×
39 570
Fashion Jobs
H&M
Logistics Wms Manager
Permanent · Burlington
CLINIQUE
Retail Beauty Sales Manager - Clinique - (Midrivers) - st. Peter's, mo
Permanent · Saint Charles
AVEDA
Director, Retail Marketing (Fss), Aveda North America
Permanent · Blaine
TAPESTRY
sr. Manager, Merchandising - Women's Outlet Bags
Permanent · New York
TAPESTRY
Project Manager, Store Construction
Permanent · New York
TAPESTRY
Senior Art Director - Brand Creative
Permanent · New York
TAPESTRY
Buyer, Men's Outlet
Permanent · New York
TAPESTRY
Director, Creative Project Management
Permanent · New York
ROSS STORES
IT Senior Manager (Supply Chain Warehouse Core Systems)
Permanent · Fort Mill
ROSS STORES
IT Manager i (New Store Openings, Store Systems)
Permanent · Dublin
ROSS STORES
Real Estate Law Attorney, Director
Permanent · Dublin
ROSS STORES
Merchant Operations Manager (Compliance)
Permanent · New York
ROSS STORES
Loss Prevention Associate
Permanent · Rock Hill
ROSS STORES
Coordinator, Legal Compliance
Permanent · New York
ROSS STORES
IT Manager i (Host Security Delivery)
Permanent · Dublin
ROSS STORES
Loss Prevention Associate
Permanent · Fort Mill
ROSS STORES
Director, Merchandise Finance
Permanent · New York
ROSS STORES
IT Manager i (Store Systems Security)
Permanent · Dublin
ROSS STORES
Loss Prevention Associate
Permanent · Fort Mill
ROSS STORES
Director, Corporate Human Resources Business Partner (Hrbp)
Permanent · Dublin
ROSS STORES
Loss Prevention Associate
Permanent · Fort Mill
ROSS STORES
Area Loss Prevention Manager (Alpm)
Permanent · Littleton

On Black Friday, more U.S. shoppers chose the computer over the mall

By
Reuters API
Published
today Nov 26, 2018
Reading time
access_time 3 minutes
Share
Download
Download the article
Print
Click here to print
Text size
aA+ aA-

The Thanksgiving Day and Black Friday kickoff of the U.S. holiday shopping season showed the increasing preference for online purchases, as more Americans opted to stay home and use their smartphones while sales and traffic at brick-and-mortar stores declined.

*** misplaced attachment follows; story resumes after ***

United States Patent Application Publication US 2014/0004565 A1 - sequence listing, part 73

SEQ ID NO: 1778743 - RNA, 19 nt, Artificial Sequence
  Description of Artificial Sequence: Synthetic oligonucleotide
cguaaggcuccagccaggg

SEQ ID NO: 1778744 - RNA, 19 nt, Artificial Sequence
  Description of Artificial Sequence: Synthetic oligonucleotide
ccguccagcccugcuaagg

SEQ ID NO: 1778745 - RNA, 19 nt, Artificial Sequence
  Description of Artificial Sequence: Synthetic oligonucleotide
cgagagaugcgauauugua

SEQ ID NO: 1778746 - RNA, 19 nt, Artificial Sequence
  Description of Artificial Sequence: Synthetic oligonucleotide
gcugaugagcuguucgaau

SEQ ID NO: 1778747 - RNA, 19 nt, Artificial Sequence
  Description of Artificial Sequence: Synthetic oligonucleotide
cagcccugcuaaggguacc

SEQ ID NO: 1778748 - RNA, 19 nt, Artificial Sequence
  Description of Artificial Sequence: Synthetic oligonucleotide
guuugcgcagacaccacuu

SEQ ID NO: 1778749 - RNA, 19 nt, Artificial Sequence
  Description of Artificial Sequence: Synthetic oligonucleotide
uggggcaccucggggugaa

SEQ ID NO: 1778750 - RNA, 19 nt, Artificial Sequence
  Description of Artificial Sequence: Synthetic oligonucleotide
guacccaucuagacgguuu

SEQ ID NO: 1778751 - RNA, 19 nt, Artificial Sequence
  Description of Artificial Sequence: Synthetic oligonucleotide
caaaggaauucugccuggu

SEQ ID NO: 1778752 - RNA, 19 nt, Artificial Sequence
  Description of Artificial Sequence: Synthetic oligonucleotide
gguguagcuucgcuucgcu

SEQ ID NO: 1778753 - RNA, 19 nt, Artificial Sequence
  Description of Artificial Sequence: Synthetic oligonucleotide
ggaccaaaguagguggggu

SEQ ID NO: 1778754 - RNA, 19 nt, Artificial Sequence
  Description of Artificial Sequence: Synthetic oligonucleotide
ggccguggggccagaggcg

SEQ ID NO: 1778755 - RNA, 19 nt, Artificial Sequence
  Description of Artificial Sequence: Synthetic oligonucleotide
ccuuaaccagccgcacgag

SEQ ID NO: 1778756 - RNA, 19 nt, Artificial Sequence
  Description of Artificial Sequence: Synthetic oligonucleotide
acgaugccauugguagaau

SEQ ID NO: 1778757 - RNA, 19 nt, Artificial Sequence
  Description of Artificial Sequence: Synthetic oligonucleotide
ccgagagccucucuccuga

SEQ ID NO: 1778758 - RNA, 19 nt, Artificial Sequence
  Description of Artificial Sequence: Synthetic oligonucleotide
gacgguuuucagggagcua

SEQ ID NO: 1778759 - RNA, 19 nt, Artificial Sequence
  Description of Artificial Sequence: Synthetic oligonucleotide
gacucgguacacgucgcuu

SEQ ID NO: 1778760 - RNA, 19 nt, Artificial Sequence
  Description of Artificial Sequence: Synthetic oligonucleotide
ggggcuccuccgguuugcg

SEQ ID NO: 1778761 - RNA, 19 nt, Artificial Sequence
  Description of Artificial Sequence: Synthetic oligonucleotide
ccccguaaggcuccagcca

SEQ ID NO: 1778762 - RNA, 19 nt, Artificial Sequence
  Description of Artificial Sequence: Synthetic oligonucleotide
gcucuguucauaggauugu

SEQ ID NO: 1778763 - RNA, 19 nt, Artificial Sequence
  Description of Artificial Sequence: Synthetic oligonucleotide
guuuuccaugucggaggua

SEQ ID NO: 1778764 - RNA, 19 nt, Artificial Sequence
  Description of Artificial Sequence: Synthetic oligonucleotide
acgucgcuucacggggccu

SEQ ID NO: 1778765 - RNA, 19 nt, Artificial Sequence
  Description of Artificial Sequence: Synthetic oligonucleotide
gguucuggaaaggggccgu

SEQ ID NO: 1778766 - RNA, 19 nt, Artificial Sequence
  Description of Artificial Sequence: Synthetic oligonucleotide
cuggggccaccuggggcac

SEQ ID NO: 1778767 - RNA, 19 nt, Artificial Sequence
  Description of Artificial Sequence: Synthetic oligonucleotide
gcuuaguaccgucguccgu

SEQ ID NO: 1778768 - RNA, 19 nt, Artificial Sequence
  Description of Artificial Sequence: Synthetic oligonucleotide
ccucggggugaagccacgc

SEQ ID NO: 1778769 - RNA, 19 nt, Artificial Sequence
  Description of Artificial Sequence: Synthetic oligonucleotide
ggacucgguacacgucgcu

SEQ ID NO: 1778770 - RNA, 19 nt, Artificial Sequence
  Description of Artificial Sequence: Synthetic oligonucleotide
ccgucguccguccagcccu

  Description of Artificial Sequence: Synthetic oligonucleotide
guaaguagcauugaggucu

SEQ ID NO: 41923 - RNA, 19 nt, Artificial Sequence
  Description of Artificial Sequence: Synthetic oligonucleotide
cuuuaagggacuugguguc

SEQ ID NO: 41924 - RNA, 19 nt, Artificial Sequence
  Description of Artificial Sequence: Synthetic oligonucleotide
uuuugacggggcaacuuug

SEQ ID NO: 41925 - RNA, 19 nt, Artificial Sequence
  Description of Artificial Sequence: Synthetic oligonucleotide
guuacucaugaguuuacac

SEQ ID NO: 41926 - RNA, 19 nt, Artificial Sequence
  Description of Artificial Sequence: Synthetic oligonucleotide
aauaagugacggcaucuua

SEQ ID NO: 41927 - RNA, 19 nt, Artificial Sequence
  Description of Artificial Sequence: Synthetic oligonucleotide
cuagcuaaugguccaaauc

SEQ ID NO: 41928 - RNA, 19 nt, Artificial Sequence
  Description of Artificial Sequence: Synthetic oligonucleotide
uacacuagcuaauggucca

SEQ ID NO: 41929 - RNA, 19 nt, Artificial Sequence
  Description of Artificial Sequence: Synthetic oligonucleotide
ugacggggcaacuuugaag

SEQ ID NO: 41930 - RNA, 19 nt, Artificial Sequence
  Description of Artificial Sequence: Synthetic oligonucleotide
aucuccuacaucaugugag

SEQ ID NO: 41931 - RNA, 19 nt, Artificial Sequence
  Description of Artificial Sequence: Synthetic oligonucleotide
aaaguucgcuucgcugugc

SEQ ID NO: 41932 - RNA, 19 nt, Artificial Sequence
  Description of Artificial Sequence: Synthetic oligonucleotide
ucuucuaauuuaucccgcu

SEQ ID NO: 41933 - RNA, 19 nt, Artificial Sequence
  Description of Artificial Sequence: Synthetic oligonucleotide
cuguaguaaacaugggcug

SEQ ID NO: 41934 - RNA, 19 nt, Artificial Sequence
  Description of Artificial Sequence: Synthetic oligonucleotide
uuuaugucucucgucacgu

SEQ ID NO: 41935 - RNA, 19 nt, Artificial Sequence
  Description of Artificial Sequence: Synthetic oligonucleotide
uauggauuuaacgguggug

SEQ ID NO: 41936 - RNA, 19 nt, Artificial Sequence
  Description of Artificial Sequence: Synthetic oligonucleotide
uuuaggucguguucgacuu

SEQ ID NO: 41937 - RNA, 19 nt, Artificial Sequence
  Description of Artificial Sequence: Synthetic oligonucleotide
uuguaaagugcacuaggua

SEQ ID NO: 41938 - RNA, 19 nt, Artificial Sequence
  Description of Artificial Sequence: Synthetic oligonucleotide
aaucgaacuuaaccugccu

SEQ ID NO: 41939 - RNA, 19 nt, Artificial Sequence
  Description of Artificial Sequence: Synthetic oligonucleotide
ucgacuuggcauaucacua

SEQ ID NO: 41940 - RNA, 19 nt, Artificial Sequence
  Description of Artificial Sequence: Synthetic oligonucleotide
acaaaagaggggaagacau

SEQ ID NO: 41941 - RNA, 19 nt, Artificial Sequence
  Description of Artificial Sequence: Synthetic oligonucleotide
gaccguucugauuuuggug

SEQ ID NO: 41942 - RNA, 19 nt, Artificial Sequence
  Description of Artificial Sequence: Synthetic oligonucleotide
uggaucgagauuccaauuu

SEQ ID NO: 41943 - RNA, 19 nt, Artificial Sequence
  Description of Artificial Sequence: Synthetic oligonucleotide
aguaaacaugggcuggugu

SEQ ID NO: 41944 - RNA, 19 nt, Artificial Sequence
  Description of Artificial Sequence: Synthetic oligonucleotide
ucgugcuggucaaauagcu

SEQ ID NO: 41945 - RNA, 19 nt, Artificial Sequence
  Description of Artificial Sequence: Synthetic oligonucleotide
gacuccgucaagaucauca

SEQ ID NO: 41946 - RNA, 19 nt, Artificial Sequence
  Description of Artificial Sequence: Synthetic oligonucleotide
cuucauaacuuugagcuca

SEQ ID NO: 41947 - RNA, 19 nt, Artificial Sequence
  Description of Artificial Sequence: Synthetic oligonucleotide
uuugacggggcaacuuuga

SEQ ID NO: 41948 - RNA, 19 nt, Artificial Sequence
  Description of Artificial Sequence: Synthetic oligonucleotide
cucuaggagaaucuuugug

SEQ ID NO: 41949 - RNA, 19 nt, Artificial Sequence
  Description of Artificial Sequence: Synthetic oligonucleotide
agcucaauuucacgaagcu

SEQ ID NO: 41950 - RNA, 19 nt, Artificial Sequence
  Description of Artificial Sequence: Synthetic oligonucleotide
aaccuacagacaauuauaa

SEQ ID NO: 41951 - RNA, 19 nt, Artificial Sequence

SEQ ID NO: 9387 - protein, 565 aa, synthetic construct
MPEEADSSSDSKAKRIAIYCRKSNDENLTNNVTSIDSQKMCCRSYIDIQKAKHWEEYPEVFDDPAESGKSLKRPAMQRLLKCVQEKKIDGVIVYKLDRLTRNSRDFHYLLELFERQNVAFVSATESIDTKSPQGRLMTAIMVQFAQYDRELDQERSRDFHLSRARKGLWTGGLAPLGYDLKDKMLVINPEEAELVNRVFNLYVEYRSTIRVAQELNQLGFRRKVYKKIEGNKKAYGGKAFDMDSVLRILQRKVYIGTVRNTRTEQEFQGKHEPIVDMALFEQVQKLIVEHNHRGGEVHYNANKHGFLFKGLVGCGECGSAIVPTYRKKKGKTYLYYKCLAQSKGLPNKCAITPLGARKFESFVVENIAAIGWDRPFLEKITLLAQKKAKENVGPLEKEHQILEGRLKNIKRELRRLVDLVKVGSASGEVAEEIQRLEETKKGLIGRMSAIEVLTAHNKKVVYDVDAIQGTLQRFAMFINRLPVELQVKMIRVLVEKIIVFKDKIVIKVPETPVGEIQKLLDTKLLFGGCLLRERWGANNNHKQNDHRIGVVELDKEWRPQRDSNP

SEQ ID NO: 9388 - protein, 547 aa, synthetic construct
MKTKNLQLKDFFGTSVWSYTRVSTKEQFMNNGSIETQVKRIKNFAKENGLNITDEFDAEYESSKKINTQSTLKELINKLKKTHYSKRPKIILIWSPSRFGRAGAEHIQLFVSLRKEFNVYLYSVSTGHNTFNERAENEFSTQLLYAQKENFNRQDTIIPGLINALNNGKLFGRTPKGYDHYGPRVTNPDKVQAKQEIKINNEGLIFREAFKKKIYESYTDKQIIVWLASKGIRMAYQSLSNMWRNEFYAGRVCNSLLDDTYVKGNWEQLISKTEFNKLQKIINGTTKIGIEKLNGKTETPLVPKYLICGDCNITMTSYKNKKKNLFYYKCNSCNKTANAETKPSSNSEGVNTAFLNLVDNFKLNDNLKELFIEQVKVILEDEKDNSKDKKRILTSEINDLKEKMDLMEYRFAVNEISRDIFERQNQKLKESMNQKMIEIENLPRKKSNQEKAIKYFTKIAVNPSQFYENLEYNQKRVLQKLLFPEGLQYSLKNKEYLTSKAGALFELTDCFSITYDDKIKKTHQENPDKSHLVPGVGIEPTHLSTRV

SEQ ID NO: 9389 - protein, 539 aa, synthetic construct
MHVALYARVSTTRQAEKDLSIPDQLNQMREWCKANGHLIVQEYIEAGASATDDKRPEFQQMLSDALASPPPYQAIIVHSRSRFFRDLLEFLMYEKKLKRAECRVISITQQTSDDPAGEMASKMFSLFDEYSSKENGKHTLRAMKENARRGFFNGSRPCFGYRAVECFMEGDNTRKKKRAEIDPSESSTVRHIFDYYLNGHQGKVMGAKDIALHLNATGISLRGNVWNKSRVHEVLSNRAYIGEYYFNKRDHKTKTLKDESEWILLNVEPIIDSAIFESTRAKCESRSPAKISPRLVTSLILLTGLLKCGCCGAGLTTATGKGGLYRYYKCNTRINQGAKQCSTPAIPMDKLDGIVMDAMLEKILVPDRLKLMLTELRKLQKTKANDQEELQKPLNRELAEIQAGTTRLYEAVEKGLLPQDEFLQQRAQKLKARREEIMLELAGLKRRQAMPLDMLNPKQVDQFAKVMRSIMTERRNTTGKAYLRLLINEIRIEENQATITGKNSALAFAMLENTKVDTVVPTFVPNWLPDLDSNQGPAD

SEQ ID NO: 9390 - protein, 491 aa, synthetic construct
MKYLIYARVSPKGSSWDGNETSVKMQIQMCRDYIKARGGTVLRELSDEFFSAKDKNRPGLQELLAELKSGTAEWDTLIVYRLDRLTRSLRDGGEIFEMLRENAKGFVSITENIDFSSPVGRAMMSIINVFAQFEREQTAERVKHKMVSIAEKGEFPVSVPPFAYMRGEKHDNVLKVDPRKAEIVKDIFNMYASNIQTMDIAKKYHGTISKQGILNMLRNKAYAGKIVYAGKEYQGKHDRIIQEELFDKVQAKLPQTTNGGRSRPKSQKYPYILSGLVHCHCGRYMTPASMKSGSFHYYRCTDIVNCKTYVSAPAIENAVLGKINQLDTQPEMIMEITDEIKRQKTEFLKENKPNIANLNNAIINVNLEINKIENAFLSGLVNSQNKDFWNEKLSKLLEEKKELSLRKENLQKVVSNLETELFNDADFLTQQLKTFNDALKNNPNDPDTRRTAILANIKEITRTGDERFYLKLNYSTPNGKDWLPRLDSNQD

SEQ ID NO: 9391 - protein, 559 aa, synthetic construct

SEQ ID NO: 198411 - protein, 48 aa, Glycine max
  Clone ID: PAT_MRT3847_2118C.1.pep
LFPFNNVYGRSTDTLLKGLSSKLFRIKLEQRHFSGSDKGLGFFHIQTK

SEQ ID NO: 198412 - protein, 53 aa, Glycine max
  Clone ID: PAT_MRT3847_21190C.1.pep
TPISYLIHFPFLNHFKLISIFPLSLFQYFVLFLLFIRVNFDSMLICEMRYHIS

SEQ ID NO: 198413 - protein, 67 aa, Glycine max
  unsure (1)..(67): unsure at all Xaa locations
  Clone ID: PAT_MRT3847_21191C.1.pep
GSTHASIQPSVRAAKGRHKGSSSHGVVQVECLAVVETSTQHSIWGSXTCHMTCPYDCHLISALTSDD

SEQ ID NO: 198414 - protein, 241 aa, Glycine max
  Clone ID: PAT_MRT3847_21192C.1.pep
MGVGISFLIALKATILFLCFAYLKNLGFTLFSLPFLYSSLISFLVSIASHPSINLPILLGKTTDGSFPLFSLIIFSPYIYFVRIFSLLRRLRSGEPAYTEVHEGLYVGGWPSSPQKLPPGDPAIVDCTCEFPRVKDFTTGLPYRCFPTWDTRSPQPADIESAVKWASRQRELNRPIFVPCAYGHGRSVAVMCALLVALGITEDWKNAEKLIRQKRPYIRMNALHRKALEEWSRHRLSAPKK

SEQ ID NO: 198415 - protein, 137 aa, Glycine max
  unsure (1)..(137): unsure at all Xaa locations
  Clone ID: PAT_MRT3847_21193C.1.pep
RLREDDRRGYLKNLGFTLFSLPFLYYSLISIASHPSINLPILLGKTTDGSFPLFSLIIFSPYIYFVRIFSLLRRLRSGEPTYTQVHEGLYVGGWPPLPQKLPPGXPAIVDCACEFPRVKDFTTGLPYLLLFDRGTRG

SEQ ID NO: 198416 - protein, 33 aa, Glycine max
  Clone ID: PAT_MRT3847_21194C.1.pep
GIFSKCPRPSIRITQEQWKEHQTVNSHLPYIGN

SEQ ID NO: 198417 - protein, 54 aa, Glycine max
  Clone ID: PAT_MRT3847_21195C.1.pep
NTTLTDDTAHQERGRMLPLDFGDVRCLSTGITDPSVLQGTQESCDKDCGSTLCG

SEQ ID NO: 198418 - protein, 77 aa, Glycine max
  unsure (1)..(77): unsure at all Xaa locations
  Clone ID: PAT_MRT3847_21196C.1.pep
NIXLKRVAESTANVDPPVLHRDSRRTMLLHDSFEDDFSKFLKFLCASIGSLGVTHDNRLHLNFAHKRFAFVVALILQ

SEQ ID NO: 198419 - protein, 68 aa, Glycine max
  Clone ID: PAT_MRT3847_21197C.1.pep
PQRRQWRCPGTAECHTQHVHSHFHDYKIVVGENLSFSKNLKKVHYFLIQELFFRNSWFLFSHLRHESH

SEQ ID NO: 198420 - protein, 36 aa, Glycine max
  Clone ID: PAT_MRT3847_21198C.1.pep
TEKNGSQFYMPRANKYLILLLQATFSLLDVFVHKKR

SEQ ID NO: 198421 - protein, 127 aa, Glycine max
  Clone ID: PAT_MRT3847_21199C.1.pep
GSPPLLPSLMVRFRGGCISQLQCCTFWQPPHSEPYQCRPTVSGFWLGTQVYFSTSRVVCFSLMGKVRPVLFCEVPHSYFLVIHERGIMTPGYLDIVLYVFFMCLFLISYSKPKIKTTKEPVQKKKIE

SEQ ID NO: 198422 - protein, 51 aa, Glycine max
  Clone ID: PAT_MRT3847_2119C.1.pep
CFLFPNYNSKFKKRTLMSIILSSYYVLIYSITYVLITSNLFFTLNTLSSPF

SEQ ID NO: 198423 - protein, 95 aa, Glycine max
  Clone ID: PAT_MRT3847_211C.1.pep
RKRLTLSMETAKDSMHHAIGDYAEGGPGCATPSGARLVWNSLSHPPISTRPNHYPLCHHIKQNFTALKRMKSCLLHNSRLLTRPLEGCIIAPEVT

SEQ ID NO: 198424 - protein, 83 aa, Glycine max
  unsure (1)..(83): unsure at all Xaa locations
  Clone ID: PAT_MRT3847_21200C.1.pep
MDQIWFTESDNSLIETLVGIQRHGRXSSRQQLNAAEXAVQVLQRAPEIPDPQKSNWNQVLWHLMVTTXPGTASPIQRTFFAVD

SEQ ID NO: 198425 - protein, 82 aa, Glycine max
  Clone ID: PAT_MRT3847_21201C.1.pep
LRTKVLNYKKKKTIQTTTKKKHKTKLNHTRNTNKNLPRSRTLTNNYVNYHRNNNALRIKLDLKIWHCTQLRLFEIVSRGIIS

Online sales rose more than 23 percent, crossing $6 billion (£4.6 billion) on Black Friday, according to data from Adobe Analytics - Reuters


The ongoing shift to online shopping has forced retailers across the country to invest heavily in boosting their e-commerce businesses, and also highlights the impact of early holiday promotions and year-round deals on consumer spending.
The weekend also redefined the importance of Black Friday.

For the past few years, Black Friday was believed to be waning in importance, but it is now turning into a day when shoppers do not necessarily flock to stores but spend heavily online.

Bill Park, a partner at Deloitte & Touche LP, said online sales are starting to complement in-store shopping over the weekend, and for shoppers and retailers the two platforms are starting to converge.

This is happening more and more as retailers like Walmart Inc and Amazon.com Inc sell both online and through stores, making winning the transaction more important than where it occurs, retail consultants and analysts said.

Online sales rose more than 23 percent, crossing $6 billion (£4.6 billion) on Black Friday, according to data from Adobe Analytics, which tracks transactions at 80 of the top 100 U.S. retailers. On Thanksgiving, it estimated sales grew 28 percent to $3.7 billion.

Preliminary data from analytics firm RetailNext showed net sales at brick-and-mortar stores fell 4 to 7 percent over the two days, while traffic fell 5 to 9 percent, continuing the trend of recent years. No data was yet available for actual spending in stores.

In 2017, brick-and-mortar sales were down 8.9 percent for the weekend year-over-year, and shopper traffic fell 4.4 percent. In 2016, store sales were down 4.2 percent and traffic was down 4.4 percent, according to RetailNext.

The decrease in store foot traffic is a little greater than it has been in years past, though still within expectations, RetailNext spokesperson Ray Hartjen said.
Data from retail research firm ShopperTrak also showed that visits to stores fell a combined 1 percent during Thanksgiving and Black Friday compared with the same days in 2017.

Brian Field, senior director of advisory services at ShopperTrak, said online sales have eroded traffic from retailers over the years, "but what we have noticed is that the decline is starting to flatten out ... ellipse...(is this supposed to be an ellipse showing that something has been cut? Or did you just want a full stop and it's an extra period?) Overall its been consistent with where it's been over the last few years."

In 2017, visits to physical stores on Thanksgiving Day and Black Friday were down 1.6 percent, according to the firm. "This decline feels pretty good to me. I think retail is in for a good season," Field said.

Retail consultants have said spending patterns over the weekend are not as indicative of the entire season as they were a few years ago the tendency now is to spread shopping over November and December.

The National Retail Federation forecast U.S. holiday retail sales in November and December will increase between 4.3 and 4.8 percent over 2017, for a total of $717.45 billion to $720.89 billion. That compares with an average annual increase of 3.9 percent over the past five years.

© Thomson Reuters 2019 All rights reserved.